Arun Dev from United Countries of the World on July 12, 2015:

Honestly dolphins are amazing and intelligent creatures!

ologsinquito from USA on July 11, 2015:

These dolphins are very beautiful. I hope more can be done to make Helen's life more interesting, so she's not bored and discouraged. You did this so well, with such a nice balance.

Linda Crampton (author) from British Columbia, Canada on July 05, 2015:

I think dolphins are beautiful too, VioletteRose! Thank you very much for the comment.

VioletteRose from Atlanta on July 05, 2015:

Dolphins are really very beautiful, thanks for sharing information about the pacific white sided dolphins. I didn't know about them before, the pictures are all wonderful!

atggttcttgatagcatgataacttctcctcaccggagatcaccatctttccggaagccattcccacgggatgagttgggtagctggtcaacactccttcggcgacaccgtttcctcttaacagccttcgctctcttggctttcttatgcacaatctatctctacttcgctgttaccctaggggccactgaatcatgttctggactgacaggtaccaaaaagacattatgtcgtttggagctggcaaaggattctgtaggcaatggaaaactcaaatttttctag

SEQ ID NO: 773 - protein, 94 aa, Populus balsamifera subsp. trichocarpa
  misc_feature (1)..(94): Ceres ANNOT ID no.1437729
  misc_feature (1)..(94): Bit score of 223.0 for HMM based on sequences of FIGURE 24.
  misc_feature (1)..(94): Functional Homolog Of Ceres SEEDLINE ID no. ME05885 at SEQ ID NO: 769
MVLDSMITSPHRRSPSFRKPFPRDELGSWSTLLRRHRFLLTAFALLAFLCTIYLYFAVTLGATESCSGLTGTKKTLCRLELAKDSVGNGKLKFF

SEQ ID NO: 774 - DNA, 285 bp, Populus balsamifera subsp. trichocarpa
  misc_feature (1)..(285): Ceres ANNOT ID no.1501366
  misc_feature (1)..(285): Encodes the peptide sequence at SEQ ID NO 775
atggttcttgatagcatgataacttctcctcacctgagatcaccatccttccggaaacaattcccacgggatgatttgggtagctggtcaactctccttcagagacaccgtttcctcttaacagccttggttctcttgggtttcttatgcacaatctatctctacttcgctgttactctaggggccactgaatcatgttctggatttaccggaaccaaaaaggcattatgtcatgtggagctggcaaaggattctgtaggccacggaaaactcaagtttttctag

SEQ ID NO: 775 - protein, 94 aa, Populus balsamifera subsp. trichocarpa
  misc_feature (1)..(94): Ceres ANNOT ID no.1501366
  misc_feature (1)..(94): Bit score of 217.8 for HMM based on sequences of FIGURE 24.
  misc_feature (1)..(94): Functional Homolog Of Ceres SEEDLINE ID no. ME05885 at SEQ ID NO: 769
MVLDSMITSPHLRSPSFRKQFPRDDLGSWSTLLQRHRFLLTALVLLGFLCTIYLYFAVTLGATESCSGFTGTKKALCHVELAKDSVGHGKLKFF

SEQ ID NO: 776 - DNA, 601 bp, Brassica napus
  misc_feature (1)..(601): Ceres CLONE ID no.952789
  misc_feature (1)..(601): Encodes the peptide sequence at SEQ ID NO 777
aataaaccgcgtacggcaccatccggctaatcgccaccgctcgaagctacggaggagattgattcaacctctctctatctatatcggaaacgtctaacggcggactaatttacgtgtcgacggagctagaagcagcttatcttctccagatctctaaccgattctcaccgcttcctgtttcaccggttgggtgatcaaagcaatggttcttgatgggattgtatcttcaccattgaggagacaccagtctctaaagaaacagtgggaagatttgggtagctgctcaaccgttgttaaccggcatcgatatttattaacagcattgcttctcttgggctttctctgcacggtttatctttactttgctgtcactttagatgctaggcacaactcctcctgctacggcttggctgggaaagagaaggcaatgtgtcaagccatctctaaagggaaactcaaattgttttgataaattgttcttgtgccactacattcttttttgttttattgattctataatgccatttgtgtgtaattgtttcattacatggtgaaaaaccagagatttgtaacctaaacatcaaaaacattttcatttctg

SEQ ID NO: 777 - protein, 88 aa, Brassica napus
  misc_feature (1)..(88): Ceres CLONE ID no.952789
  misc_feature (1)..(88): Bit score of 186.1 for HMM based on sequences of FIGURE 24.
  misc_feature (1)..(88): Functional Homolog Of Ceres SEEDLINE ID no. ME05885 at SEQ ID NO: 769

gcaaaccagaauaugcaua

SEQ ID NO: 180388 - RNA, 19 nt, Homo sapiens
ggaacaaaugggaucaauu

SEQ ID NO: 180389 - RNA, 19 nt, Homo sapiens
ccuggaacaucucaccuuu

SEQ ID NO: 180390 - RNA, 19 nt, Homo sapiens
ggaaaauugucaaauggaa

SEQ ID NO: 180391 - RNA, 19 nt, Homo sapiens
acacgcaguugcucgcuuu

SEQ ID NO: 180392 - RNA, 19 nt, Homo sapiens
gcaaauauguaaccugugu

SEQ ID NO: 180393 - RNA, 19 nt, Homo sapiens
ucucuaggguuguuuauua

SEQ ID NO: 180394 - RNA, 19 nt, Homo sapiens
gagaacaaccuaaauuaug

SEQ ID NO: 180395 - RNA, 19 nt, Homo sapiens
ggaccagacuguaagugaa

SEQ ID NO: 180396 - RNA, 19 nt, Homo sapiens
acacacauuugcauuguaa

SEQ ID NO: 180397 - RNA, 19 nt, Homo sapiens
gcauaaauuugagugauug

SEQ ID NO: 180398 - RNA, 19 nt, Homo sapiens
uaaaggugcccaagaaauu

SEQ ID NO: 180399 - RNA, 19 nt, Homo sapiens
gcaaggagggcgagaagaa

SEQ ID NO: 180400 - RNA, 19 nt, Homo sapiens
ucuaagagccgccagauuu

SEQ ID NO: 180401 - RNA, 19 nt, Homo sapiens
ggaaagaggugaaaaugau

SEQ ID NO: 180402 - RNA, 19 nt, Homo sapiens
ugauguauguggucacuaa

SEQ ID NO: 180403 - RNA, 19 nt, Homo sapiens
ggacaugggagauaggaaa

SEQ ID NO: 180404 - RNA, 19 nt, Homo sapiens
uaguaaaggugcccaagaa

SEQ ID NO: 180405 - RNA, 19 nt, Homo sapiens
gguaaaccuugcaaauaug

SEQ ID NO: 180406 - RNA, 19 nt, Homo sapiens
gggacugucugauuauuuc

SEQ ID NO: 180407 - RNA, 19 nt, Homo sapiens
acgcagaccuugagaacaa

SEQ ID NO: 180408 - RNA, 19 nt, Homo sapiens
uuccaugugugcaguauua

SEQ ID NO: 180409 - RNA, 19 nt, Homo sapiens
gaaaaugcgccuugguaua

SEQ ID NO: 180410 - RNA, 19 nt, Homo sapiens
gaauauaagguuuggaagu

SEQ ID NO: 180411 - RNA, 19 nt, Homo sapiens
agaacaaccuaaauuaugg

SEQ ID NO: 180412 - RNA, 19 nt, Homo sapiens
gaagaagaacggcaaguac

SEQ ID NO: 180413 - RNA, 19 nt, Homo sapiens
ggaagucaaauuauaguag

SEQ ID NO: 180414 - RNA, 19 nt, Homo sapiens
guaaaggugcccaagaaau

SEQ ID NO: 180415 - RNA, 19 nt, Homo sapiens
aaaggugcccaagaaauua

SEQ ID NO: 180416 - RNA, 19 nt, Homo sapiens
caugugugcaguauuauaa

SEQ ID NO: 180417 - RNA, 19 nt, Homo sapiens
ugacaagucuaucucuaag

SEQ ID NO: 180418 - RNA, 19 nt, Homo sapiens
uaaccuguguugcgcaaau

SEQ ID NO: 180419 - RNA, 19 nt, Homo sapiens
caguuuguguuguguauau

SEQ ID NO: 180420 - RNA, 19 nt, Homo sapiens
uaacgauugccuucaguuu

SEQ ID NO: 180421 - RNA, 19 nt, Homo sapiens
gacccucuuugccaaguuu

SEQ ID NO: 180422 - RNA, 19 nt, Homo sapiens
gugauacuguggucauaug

Linda Crampton (author) from British Columbia, Canada on July 04, 2015:

Hi, Dianna. It is exciting to see dolphins. I agree - whenever possible, dolphins certainly do deserve to be in their natural habitat.

Dianna Mendez on July 04, 2015:

I remember how excited I was seeing my first dolphin at play in the Pacific Ocean. They are so intelligent. Thanks for bringing the captivity issue to awareness. They deserve to be in their natural habitat.

Linda Crampton (author) from British Columbia, Canada on July 03, 2015:

Thank you for such a lovely comment, Nadine! I appreciate the comment and the vote very much. I will definitely be writing more about Chester and Helen as their story progresses. I'm very interested in their future.

Nadine May from Cape Town, Western Cape, South Africa on July 03, 2015: